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Using Drawbridge 54© to improve the quality of user participation in IS projects

Schwering, J. (2011) Using Drawbridge 54© to improve the quality of user participation in IS projects.

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Abstract:End-user participation in information system (IS) development and implementation projects is regarded by many theoreticians as an important mechanism to increase IS success. In literature, the effects of user participation have thus been much researched. The majority of these studies conclude that user participation has positive effects on IS success. In practice however, IS projects are still facing problems or even failing completely. A reason for this might be that user participation is not practiced much, because the efficiency seems to be a concern. Companies might be skeptic towards the need for the investment in time and money. Also, almost no approach to user participation is explicitly defined. This can lead to a sub-optimal approach in practice, which in turn leads to the absence of its effects. Furthermore, a successful IS change also requires complementary organizational changes in processes, tasks, structures and people. This aspect is often overlooked in practice. There are also theoretical problems thwarting the effects of user participation. The context of IS implementations has changed over the past ten years (bigger systems, more users, more stakeholders), which renders most positive studies on user participation outdated. Concretely, the positive effects of ‘system quality’, ‘user involvement’ and ‘user-developer relationship’ are much harder to achieve in today’s context. This study investigates how DrawBridge54© (DB54) – a bottomup, participative organizational change method – can contribute to the quality of user participation and solve these issues. This is done by identifying in which ways DB54 can theoretically contribute, and by measuring the effects of DB54 in four companies where the method was applied. Conclusions: The main conclusion of this study is that: - DB54 can contribute to the quality of user participation for IS implementations as a pre-IS implementation tool. In all the researched cases it achieves effects that are preconditions for a successful IS implementation. Through DB54, organizations and its employees achieve a holistic process insight and a culture of partnership and mutual respect. In an ideal situation, readiness for change, sense of urgency, organizational reshaping capabilities, perceived personal competence and a human relations culture can also be achieved. This ideal situation can be achieved by overcoming a number of challenges that are discussed in the recommendations for companies exercising DB54, and by effectuating actual changes through DB54. This sets the stage for a successful participative IS project. Also, DB54 can be used to gain insight into and effectuate the required complementary organizational changes. Other conclusions have also been reached: - DB54 can also be used as a business case tool for top-down and bottom-up initiated IS projects, because it offers the possibility to link the need for an IS to work floor issues. - Not only top management support, but also middle management support is very important in a successful participation process. The middle manager should perform what is called ‘top management support’ in literature in order to involve and commit his employees in a participation process. - In DB54, a trusted external process facilitator can identify issues that have been accepted as the way things work, identify possible solutions and he can keep the focus on objectivity and correctness. - DB54 can be regarded as an efficient method through use of lead employees, small group sizes, a transparent web-based toolset and a focus on main items and objectivity. - In DB54, the lead employees played an important role in achieving the commitment and involvement of all employees. The domain knowledge of the lead employees plays an important role here as well as the social and facilitating skills. - Participants can be skeptic towards participating in a change process. They might not want to participate at all, and thus positive effects can never be achieved for them. - Managers can perceive the participation process a lot more positive than their employees. So a participation process might not go as well as thought.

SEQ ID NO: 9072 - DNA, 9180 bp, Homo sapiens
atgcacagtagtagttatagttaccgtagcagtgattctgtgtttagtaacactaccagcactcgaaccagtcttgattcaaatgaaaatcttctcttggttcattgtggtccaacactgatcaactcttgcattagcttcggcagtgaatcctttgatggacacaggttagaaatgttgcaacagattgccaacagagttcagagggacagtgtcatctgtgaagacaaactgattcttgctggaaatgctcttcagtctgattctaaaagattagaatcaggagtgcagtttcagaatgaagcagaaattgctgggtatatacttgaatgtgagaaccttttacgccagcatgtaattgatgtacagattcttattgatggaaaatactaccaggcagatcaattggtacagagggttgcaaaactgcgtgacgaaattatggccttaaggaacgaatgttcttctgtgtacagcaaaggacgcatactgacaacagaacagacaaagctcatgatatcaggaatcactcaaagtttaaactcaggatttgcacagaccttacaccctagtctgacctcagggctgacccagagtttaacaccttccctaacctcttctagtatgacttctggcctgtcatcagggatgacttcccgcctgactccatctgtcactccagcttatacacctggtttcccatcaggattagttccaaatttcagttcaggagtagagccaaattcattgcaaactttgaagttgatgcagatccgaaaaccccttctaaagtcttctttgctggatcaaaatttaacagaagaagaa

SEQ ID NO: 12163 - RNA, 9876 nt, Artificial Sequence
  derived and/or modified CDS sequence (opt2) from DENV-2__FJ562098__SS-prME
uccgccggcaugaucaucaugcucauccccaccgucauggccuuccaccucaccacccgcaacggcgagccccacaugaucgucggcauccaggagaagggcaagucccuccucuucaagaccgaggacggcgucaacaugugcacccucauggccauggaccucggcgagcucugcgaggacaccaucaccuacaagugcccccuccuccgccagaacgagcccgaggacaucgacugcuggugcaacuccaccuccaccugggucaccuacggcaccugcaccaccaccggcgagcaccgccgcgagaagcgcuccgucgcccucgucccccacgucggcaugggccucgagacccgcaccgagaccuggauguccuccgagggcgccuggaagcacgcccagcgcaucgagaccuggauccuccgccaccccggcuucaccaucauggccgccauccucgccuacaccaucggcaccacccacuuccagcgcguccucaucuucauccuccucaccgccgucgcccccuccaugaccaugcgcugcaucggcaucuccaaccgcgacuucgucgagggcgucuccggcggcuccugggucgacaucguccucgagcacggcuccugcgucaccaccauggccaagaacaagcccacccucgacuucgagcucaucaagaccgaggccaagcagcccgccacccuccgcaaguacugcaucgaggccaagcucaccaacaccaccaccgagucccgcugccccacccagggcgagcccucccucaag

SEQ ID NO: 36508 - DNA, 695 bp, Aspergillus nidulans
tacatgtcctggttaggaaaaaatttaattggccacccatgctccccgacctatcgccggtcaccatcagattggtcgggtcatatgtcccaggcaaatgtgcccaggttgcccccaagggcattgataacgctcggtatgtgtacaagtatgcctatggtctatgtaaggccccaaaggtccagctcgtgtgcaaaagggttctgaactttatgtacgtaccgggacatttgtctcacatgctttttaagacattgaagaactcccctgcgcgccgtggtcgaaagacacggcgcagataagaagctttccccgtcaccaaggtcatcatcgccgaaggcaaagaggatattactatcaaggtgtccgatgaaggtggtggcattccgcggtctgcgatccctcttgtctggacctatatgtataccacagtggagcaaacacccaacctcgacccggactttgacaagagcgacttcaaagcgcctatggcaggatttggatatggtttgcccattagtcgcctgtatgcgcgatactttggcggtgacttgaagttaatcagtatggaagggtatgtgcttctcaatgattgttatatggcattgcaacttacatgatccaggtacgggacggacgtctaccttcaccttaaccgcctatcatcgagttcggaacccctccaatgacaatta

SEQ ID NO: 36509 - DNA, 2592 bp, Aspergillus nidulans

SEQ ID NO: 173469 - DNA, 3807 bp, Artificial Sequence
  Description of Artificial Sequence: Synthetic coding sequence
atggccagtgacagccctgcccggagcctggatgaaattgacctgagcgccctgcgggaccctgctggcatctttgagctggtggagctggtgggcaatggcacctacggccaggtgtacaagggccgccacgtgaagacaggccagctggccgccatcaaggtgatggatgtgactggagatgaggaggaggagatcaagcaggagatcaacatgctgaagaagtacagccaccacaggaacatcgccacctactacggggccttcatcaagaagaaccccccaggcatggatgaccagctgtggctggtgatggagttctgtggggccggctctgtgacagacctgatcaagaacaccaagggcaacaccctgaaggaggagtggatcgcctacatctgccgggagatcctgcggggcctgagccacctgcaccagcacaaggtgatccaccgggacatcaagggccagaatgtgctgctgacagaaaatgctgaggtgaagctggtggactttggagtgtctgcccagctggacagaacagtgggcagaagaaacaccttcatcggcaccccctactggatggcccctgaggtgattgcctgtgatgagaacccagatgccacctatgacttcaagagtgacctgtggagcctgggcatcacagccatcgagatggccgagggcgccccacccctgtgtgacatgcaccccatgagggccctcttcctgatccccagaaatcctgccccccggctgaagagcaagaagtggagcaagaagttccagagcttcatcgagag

Item Type:Essay (Master)
De Steur Management, Wijk bij Duurstede, the Netherlands
Faculty:BMS: Behavioural, Management and Social Sciences
Subject:85 business administration, organizational science
Programme:Business Information Technology MSc (60025)
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